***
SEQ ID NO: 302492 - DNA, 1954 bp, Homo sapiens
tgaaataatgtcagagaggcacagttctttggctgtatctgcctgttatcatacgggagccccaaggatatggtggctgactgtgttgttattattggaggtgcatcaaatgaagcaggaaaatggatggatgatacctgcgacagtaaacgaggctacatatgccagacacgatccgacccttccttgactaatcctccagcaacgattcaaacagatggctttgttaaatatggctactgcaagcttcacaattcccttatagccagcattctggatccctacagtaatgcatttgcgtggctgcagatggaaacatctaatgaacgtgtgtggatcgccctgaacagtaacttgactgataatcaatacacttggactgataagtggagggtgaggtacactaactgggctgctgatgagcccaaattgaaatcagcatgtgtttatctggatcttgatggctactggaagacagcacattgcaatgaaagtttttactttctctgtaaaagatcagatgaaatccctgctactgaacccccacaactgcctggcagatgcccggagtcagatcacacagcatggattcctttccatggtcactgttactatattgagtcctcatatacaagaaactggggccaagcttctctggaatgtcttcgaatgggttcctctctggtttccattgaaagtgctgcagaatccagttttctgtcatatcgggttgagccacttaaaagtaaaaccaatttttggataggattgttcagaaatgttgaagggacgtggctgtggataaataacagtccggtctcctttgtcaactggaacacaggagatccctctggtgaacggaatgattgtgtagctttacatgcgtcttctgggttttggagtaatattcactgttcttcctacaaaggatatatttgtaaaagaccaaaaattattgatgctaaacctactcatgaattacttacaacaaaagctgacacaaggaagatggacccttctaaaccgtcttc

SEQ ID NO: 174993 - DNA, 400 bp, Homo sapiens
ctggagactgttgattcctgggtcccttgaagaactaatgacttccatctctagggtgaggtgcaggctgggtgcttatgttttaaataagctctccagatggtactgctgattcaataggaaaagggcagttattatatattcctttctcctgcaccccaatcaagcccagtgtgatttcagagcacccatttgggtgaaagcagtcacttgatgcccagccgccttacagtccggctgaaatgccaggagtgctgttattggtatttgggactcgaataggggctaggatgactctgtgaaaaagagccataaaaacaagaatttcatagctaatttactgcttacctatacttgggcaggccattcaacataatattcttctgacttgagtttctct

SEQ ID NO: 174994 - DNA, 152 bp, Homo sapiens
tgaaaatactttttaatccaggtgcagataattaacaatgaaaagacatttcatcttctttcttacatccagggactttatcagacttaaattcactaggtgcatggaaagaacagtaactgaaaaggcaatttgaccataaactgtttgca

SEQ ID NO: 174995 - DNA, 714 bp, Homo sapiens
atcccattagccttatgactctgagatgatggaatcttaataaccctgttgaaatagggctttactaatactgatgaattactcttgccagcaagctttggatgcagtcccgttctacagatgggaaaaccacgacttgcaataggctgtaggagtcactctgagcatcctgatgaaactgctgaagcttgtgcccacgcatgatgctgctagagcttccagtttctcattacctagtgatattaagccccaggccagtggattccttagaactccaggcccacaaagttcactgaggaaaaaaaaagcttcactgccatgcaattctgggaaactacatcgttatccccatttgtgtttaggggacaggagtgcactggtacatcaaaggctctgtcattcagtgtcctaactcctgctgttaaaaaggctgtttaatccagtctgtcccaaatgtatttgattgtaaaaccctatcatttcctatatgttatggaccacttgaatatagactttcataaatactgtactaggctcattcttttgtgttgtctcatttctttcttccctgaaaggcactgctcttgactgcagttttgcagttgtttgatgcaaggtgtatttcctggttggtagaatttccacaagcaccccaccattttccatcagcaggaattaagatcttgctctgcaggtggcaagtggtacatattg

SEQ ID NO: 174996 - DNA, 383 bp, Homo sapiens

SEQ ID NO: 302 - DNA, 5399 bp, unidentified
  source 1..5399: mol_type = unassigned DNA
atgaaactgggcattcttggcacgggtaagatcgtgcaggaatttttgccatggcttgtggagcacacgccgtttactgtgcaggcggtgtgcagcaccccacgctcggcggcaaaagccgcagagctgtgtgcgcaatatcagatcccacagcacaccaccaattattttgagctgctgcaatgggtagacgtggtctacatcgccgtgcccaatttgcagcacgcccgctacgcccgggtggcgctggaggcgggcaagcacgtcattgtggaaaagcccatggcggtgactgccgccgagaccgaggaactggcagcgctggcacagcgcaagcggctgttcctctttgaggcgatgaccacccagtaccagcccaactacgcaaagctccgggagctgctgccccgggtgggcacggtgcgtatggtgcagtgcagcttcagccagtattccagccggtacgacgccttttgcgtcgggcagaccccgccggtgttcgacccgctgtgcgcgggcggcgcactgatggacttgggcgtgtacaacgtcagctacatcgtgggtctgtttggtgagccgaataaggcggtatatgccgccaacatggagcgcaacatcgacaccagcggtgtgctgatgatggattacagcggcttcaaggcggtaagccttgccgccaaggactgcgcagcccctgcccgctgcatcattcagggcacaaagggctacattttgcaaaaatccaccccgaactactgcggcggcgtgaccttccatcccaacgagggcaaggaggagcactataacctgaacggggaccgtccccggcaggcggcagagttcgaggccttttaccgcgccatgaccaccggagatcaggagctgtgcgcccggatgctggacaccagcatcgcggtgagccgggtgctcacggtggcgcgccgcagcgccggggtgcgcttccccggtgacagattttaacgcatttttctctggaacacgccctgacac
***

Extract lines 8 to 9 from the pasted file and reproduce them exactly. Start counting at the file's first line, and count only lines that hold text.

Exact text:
atcccattagccttatgactctgagatgatggaatcttaataaccctgttgaaatagggctttactaatactgatgaattactcttgccagcaagctttggatgcagtcccgttctacagatgggaaaaccacgacttgcaataggctgtaggagtcactctgagcatcctgatgaaactgctgaagcttgtgcccacgcatgatgctgctagagcttccagtttctcattacctagtgatattaagccccaggccagtggattccttagaactccaggcccacaaagttcactgaggaaaaaaaaagcttcactgccatgcaattctgggaaactacatcgttatccccatttgtgtttaggggacaggagtgcactggtacatcaaaggctctgtcattcagtgtcctaactcctgctgttaaaaaggctgtttaatccagtctgtcccaaatgtatttgattgtaaaaccctatcatttcctatatgttatggaccacttgaatatagactttcataaatactgtactaggctcattcttttgtgttgtctcatttctttcttccctgaaaggcactgctcttgactgcagttttgcagttgtttgatgcaaggtgtatttcctggttggtagaatttccacaagcaccccaccattttccatcagcaggaattaagatcttgctctgcaggtggcaagtggtacatattg

SEQ ID NO: 174996 - DNA, 383 bp, Homo sapiens